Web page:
Several Spanish coal mining regions have been brought to a halt with a strike by miners, many of whom have not been paid for more than two months.
The stoppage is the first of two planned strikes which are part of a wider campaign to save jobs in the loss-making industry.
Two hundred miners have set off on what they are calling ‘The Black March’ – a trek from Villablino to Leon – to highlight the threat posed to their industry.
Their employers say they simply do not have the money for wages.
The miners are also angry at EU plans to withdraw subsidies for Spanish coal, and want the European Commission to approve a government plan that would oblige power companies to burn domestically mined fuel, and not cheaper imports.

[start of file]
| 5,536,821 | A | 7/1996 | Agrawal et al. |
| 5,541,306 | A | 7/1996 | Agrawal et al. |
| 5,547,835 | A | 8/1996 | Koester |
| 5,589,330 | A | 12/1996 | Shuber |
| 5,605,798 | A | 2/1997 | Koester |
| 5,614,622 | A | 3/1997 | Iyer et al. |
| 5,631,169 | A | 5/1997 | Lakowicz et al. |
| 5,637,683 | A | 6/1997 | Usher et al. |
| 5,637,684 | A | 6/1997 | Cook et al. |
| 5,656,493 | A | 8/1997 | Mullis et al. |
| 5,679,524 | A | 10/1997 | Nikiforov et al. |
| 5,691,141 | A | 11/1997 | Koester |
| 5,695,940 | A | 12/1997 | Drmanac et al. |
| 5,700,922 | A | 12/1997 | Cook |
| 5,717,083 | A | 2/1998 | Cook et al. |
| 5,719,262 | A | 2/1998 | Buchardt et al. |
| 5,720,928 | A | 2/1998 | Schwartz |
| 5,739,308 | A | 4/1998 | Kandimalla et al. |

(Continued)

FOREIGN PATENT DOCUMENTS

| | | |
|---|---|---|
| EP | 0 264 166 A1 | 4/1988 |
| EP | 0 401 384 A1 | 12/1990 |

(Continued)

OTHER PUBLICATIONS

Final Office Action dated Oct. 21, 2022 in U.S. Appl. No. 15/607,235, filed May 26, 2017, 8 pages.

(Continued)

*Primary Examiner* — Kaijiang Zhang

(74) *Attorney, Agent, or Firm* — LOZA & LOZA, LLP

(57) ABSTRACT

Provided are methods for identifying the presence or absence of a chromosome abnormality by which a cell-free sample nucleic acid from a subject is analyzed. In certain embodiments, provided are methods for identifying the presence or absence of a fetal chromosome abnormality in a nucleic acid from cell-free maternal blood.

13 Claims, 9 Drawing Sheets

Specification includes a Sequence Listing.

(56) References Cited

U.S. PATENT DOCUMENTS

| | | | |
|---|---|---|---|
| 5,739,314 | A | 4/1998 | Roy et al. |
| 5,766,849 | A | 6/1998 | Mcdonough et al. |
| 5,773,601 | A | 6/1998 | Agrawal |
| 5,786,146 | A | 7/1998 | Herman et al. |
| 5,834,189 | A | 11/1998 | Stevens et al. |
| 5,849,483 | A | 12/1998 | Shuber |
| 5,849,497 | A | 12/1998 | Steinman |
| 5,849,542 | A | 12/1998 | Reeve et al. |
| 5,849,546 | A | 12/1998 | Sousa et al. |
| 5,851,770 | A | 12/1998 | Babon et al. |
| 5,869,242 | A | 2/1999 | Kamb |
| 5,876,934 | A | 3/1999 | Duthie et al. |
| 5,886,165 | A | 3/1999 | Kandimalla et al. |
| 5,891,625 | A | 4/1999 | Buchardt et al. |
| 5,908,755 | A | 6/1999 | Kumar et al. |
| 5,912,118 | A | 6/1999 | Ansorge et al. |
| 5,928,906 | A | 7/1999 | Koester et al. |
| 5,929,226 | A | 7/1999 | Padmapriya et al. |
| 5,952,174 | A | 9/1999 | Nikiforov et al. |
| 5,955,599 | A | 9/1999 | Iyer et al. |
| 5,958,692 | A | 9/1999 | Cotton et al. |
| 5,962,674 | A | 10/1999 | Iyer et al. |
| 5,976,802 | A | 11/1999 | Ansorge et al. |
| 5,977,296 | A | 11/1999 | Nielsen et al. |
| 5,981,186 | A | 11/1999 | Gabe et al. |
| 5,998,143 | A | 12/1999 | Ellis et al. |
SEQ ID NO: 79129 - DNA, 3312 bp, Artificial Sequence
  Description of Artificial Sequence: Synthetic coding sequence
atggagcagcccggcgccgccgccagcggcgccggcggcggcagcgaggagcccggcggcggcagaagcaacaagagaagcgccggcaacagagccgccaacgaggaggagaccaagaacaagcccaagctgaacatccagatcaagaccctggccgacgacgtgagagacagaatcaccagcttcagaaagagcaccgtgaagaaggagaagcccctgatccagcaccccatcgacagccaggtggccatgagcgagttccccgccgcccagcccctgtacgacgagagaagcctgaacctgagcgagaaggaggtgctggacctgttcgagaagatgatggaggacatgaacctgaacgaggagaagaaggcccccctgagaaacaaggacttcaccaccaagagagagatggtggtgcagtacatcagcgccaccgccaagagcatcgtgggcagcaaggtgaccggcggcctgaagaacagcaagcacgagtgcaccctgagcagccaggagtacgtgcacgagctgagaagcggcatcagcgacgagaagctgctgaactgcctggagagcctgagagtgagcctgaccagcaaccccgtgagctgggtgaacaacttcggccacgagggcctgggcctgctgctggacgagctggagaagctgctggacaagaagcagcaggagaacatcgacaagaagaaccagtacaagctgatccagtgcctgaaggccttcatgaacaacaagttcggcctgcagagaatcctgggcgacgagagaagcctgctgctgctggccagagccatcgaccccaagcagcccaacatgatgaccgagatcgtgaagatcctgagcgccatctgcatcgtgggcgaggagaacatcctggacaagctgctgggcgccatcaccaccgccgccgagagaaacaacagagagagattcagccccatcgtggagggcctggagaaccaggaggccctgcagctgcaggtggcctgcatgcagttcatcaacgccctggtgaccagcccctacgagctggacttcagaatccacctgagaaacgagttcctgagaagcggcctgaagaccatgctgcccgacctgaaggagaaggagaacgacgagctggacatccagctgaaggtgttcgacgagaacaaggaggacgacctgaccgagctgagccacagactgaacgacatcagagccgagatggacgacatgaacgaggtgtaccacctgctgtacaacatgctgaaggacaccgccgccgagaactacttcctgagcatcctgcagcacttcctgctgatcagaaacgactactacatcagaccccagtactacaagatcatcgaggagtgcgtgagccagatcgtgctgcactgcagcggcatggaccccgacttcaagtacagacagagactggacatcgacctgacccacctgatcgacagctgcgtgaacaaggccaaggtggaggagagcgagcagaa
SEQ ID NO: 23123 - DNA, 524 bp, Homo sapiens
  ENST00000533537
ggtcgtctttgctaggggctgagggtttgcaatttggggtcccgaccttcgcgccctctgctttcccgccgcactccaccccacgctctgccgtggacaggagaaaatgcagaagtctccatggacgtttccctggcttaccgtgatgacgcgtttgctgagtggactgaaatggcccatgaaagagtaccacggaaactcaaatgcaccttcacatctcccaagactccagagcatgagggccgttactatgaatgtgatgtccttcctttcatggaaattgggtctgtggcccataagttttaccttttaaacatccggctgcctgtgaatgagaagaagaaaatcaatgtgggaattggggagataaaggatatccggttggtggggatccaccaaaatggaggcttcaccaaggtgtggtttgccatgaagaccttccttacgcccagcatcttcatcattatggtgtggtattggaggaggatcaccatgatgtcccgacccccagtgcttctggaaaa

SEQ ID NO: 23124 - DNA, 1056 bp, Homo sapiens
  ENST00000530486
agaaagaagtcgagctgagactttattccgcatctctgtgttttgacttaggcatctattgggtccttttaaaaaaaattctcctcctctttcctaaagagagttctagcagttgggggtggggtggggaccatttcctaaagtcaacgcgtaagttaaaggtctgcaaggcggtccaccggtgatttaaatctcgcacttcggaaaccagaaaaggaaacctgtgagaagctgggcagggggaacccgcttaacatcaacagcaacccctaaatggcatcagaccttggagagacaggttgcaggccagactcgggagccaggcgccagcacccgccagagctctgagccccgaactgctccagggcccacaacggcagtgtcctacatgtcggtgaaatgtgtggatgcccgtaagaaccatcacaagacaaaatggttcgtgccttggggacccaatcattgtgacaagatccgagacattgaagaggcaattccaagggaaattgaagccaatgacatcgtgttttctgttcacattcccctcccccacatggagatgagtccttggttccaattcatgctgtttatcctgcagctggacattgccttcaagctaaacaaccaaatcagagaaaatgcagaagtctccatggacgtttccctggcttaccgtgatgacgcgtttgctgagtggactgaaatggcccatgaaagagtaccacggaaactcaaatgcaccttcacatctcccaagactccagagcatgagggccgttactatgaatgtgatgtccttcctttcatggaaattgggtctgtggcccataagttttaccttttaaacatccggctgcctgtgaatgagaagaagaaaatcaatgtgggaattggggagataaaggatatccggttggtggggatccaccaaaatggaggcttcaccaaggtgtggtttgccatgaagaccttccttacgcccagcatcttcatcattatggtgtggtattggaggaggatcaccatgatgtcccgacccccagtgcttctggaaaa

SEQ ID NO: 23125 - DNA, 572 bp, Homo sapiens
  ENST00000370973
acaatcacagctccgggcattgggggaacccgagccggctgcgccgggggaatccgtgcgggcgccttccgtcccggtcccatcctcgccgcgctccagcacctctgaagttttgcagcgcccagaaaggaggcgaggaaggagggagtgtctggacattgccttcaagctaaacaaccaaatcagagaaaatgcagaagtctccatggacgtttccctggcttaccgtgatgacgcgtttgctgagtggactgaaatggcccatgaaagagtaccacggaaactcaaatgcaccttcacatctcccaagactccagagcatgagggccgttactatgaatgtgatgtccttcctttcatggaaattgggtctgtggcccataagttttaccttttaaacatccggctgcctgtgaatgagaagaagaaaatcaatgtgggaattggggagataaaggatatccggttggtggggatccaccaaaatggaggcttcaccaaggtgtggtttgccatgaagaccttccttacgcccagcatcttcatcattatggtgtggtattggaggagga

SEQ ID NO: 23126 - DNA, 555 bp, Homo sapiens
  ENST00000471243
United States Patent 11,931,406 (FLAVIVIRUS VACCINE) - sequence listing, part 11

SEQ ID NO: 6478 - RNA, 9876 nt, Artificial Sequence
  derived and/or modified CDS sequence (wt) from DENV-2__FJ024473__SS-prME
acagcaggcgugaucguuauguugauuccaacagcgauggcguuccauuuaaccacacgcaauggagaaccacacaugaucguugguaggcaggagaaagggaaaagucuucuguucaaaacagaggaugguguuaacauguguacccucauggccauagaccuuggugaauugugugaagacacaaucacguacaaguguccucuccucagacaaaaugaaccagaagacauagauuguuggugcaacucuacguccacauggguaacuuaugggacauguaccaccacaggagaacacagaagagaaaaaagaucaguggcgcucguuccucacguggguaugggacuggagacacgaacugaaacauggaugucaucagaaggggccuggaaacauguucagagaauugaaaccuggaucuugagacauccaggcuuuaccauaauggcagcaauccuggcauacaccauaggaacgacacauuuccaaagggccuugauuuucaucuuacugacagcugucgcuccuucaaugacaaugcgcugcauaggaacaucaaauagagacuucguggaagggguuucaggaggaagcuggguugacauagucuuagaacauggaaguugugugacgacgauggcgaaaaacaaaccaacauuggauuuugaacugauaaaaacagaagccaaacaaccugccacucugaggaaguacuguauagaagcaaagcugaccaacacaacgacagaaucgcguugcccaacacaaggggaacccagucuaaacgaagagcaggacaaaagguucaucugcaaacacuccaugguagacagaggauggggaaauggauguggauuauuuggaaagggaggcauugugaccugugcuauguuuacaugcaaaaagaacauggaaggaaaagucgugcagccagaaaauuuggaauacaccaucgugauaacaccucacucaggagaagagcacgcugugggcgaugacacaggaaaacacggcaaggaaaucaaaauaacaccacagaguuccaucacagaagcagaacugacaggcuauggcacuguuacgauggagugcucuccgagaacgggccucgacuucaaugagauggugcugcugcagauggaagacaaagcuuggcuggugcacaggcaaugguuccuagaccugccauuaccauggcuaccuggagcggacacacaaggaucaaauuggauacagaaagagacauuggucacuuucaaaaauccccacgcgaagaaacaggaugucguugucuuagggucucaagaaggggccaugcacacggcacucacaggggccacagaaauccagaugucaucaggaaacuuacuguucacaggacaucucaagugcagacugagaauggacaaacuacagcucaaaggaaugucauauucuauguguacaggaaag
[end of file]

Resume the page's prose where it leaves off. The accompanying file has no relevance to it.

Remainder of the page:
Their nine-day march is due to end on September 29th coinciding with a nationwide general strike called to protest at changes in employment laws introduced by the socialist government in Madrid.
Six trade-unionists are on hunger-strike outside the Industry Ministry in the Spanish capital and two collieries have miners staging sit-ins, more than 500 metres underground.
At one near Guardo in northern Spain, they been sticking it out since the beginning of the month despite complaining of the cold and missing their families.
Spanish miners strike for pay and job security